yesterday there were more than the day before. Poor fellow! They're starting to hand out the soup from that table. So you'll have to sit here until it reaches you. How do you like that ­you can eat your heart out. Time ­ and more time. You remember the days when the kitchen announced, indifferently, and you thought, vengefully, "There's no meal today." How bitter were the words on the door: "Today's tickets are valid for tomorrow." How hideously long were those days and nights. And yet it seems to you that the people at the table feel superior to you, worthier. Someone or other takes from his bosom a quarter sheet of newspaper and unwraps it, uncovering a thin, round piece of bread. Unlike you, they don't gobble the soup directly; first they stir it, wrinkling up their noses in disgust ­ just as they do every day, because it's thin; start at the side, where it's shallow; chew for a long time, slowly; pretend to be looking around, as if the soup were of secondary importance and the main thing ­ the ceiling. After the first few spoonfuls they add salt. They play with the soup as a cat plays with a mouse. And after the soup their faces wear an expression of near-religious bliss. And it hasn't reached your table yet. And ­ are you only imagining it? ­ somehow the people sitting here all have such long faces, not-having-eaten faces, with swollen ghetto spots under their eyes, which give the face a Mongolian look. You think of a master of World Literature, a Tolstoy, a Balzac, a Wassermann. How they made a fuss over people, they chiseled every feature, every move. "You seem to be somewhat pale today!" one of these geniuses would write, and the world was enraptured. "You seem to be somewhat pale today," and women dabbed their eyes with handkerchiefs, critics interpreted and serious, business-like gentlemen, owners of textile factories or partners in large, comfortable manufacturing business beneath white marble signs felt a quiver in their cheeks ­ reminiscent of the first kiss, fifty years ago. "You seem to be somewhat pale today" ­ ha, ha! If someone today were to read or write, "You seem somewhat pale today," when the whole world is deathly pale, when everyone, everyone has the same white, chalky, lime-white face. Yes, yes, it was easy for them to write. They ate, and knew that the readers were going to eat and that the critics were going to eat. Let these master now show their true colors and write! "Why don't you eat?" What is this? Everyone around you is eating; in front of you, too, there is a bowl of steaming soup, glistening and glittering with delicious splendor. You were looking across at the people and saw nothing. And did she take the ticket? No, you're still holding it in your hand. What's going on? Should you call? Turn it in? You've already finished with the helping, while around you people are smacking their lips, spitting, sipping as a cat sips milk, and grumbling, exactly as if they weren't eating. And that scoundrel over there, who has such a full plate, full of fried onions sits there sniveling ­ you could just faint. It's all right, they're hungry, everyone may eat any way he likes. I'm probably comical too when I eat my soup. And there are some who tilt the plate so convulsively and scrape together the last drops... and submerge their whole face in the plate and see nothing else, as if it were the entire earth, the world. Can she possibly have given you the soup without a ticket? You steal a glance ­ the date is right. She simply didn't notice in the confusion. No, EHRI Online Course in Holocaust Studies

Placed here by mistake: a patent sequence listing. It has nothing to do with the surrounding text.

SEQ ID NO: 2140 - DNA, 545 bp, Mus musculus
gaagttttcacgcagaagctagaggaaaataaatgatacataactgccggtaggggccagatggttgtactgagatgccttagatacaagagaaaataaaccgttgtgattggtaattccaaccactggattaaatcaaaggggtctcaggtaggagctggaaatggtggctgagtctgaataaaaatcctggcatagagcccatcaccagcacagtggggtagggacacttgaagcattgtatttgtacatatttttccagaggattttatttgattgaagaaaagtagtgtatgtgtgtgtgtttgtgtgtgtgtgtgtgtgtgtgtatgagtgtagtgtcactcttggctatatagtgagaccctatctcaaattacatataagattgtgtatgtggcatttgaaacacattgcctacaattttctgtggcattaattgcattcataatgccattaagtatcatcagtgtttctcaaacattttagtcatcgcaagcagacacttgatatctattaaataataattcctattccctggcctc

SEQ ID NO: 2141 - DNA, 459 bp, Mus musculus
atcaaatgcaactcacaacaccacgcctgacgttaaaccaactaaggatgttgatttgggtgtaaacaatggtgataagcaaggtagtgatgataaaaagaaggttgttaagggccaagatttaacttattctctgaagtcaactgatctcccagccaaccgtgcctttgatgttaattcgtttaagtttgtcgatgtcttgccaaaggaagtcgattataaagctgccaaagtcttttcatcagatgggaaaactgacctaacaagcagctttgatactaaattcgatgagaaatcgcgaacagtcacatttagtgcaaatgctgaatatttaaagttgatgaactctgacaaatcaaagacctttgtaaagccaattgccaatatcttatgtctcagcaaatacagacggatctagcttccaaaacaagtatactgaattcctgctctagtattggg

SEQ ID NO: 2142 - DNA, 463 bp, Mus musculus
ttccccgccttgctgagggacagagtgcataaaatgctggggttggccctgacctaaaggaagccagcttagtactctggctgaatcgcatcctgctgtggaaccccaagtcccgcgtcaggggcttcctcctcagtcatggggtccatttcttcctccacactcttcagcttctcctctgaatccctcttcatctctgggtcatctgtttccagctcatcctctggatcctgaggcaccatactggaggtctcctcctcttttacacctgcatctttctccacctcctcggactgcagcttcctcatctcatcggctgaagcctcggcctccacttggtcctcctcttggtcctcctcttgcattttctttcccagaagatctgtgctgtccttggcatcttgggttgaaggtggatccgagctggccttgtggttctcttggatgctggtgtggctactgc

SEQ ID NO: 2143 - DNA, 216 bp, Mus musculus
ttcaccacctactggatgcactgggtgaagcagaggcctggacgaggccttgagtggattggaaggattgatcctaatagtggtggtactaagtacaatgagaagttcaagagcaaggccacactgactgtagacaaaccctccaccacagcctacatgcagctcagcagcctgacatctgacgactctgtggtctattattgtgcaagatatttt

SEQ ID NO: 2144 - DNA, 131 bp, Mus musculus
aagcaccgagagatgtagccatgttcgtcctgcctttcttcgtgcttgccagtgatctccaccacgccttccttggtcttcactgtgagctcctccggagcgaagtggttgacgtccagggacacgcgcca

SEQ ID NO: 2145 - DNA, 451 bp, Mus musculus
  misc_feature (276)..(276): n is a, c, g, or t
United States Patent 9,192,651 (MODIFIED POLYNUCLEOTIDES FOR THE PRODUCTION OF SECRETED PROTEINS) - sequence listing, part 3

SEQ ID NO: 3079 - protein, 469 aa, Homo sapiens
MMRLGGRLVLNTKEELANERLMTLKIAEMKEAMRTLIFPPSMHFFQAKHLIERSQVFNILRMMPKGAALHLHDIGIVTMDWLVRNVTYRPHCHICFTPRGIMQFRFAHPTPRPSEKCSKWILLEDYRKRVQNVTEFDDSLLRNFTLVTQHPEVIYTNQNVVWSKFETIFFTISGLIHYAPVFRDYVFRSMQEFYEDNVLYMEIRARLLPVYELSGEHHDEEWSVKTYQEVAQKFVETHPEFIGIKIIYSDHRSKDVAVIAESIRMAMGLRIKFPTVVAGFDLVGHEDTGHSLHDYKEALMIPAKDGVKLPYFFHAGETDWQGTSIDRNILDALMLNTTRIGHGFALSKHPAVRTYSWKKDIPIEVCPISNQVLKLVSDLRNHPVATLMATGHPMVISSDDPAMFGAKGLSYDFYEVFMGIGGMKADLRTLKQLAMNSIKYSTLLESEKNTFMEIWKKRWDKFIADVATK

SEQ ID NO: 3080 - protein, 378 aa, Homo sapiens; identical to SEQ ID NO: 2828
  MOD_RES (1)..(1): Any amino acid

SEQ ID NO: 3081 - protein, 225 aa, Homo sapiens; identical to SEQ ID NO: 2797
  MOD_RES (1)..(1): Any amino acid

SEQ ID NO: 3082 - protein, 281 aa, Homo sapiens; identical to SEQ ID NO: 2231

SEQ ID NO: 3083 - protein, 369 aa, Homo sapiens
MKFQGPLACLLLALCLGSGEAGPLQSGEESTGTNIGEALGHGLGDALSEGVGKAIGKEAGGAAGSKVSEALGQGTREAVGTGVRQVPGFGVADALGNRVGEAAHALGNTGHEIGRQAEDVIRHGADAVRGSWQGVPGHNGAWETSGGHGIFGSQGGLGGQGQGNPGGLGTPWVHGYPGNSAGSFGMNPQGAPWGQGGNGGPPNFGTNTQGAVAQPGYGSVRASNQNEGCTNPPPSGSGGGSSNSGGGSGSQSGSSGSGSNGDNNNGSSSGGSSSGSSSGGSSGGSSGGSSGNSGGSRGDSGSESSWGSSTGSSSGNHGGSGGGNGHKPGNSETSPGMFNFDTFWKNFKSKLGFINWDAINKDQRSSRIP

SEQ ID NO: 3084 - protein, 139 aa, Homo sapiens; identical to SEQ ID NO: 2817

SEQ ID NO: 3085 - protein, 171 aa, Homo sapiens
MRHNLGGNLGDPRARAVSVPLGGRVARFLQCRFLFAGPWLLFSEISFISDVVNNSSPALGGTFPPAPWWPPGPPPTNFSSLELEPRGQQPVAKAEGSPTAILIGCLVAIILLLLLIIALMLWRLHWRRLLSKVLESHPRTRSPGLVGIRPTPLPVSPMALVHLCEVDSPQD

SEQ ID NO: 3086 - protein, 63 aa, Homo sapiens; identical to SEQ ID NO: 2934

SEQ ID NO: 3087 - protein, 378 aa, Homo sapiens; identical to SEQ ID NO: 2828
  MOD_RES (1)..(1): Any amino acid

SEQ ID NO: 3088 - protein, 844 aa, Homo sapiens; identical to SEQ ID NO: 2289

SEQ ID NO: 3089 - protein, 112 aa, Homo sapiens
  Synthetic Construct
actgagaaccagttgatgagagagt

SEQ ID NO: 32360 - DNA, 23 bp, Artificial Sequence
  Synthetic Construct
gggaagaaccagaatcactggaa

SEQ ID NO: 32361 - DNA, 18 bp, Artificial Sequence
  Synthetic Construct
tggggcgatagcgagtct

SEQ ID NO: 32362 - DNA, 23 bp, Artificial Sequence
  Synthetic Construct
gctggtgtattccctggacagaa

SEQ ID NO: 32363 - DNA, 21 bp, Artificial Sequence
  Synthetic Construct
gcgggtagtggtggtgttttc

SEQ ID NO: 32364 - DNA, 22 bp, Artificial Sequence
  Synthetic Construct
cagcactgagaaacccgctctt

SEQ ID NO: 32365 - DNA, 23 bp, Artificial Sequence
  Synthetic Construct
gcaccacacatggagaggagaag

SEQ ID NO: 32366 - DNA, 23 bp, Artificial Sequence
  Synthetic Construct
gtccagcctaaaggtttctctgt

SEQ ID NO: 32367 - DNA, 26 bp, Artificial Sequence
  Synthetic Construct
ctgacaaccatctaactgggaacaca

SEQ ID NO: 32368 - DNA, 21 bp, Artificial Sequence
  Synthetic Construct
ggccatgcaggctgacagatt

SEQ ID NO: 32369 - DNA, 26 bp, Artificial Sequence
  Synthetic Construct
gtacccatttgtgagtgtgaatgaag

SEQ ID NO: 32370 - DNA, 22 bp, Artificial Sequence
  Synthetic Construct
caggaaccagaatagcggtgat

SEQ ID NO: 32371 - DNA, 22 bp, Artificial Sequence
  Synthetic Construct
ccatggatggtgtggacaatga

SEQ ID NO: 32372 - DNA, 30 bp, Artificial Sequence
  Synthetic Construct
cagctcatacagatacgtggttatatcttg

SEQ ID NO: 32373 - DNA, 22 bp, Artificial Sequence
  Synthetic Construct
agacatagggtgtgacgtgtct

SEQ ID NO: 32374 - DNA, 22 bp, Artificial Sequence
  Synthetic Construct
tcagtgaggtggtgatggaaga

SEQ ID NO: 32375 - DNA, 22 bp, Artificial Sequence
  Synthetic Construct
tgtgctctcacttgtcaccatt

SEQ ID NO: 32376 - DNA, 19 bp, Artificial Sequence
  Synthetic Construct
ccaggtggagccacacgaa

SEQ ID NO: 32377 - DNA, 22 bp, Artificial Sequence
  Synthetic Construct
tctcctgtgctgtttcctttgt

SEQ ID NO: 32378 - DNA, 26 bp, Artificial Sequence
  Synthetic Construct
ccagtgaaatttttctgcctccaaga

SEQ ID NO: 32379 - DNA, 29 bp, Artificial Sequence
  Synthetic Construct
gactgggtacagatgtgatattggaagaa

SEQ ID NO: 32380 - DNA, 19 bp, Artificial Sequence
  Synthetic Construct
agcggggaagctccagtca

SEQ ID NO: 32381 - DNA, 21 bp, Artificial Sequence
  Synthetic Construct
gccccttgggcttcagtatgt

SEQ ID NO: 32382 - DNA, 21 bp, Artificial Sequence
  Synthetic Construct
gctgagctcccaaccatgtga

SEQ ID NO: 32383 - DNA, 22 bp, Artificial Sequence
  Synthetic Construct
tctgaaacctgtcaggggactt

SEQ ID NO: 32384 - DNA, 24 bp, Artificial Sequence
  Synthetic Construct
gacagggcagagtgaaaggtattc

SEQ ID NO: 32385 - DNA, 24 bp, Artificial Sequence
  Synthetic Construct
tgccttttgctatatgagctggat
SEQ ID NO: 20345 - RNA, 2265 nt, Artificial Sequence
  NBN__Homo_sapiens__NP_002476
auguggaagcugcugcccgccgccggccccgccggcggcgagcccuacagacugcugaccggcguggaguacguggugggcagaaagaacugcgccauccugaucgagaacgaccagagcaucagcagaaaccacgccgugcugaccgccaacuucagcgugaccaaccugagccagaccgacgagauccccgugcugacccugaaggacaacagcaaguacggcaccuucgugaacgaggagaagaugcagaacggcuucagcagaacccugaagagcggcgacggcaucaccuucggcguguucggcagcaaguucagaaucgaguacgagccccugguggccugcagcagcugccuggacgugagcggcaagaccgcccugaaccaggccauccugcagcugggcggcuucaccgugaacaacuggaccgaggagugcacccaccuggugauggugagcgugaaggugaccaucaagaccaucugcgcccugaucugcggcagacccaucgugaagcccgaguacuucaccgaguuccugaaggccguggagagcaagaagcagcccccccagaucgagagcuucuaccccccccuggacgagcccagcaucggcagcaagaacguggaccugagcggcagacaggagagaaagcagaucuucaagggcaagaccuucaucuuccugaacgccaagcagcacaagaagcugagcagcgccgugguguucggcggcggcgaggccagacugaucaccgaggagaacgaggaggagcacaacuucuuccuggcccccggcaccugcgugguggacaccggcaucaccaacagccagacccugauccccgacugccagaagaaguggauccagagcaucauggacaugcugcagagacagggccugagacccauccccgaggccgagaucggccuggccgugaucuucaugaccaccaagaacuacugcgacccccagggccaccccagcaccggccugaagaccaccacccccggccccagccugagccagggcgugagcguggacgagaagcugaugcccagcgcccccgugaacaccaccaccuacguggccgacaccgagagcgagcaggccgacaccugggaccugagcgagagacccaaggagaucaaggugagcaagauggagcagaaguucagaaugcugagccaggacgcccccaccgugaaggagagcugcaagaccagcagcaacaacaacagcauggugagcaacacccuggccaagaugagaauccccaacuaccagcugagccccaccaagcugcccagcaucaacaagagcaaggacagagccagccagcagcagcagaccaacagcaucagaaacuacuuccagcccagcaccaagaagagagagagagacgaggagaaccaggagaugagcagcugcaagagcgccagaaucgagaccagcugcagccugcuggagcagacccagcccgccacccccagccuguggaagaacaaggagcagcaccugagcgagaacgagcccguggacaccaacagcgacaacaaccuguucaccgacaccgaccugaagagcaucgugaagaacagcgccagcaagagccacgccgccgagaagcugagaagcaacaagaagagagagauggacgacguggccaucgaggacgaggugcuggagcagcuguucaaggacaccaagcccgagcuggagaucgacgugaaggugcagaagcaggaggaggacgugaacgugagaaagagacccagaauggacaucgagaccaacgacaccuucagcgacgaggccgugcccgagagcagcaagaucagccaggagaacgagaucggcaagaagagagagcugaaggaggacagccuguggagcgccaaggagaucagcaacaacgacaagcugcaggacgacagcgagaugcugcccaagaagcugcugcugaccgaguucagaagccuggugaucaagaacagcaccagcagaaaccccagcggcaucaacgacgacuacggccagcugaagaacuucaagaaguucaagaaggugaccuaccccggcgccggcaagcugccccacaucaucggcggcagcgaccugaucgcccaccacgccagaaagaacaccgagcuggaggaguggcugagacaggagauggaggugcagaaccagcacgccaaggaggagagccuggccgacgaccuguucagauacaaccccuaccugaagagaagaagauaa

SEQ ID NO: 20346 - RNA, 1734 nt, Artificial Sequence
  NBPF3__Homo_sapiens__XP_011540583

don't give it to her. Revenge. And she will realize it maybe; maybe not. It can't be ­ maybe, maybe to get another helping? And say nothing? But she did it on purpose. You know what, Arke? If a man sits down at your table now to eat his soup, you'll take the risk; if a woman, it's a bad omen, and you won't give up the ticket. You stare hard. On one side a mother is now sitting with a child. A waitress hurries past, the mother says to the child, loudly, with a smiling, ingratiating look: "Wait, wait, the lady will soon bring you some thick soup." The bench squeaks, someone has sat down. That person is hidden from view; you see a bit of white toast. A fragment of a second: man or woman? ­ man or woman? A woman! Apparently ­ a pair of eyes ­ a mummy, eyes without expression. A woman, a woman, damn it. This means not turning in the ticket, not taking another bowl of soup? Too late, that's the way you set it up. But now the soup is better and better, thicker, hotter. How do you know? That's the way it always is. The later the better. Though it's not so certain. But this time ­yes. And so once again, from the beginning. Man or woman, man or woman? There is movement around you. People come and go, sit down, speak. Polish, Yiddish, Hebrew, German. First here, now there, like a rocket, a question flutters with an exclamation: "Who, him? I saw him only yesterday! Who, her? She ate here only the day before yesterday! They are talking about those who have died, one of hunger, another from "that" louse and today's sickness. And the whisper so mysteriously in each other's ears: "Don't shout ­ so, died at home, unannounced." But above All Other conversations, one theme ­ we won't be able to survive it. There's such a winter coming. If the war lasts through the winter. Last year we still had something. Parcels were still arriving, it wasn't sealed so shut. What are they splitting hairs about? Whether we will survive or not. What can people do, when they are sentenced to death and know the exact time of the execution? Thus the French aristocrats in the prisons during the great Revolution gambled at cards, acted in plays, until the man in the tricolor came in and called out the names, and "The guillotine is waiting." Yes, you see? But they weren't hungry and weren't threatened with starvation. Yes, indeed, this is really the main point. Well, and during the more recent Russian Revolution? But why am I getting involved in these great stories ­ man or woman, man or woman? At this point she showed up, the waitress, and automatically began taking tickets. Everyone held them out, you as well. It's over. And now you dip your spoon in the bowl, in the second bowl of soup ­ you understand? It really is thicker than the first. Now you can afford to play with it, to eat graciously, like all the rest, and not gobble. You don't eat in whole spoonfuls. Sometimes you spit out a piece of chaff, like a VIP. In the street the smell of fresh corpses envelops you. Like an airplane propeller just after it's been started up, which spins and spins, and yet stays in one place ­ that's what your feet are like. They seem to you to be moving backwards. Pieces of wood. They were looking, weren't they? Involuntarily, you cover your face with your arm. And what if they find out? They can, as a punishment, take away your soups. Somehow it seems to you that they already know. That man who's walking past looks so insolently into EHRI Online Course in Holocaust Studies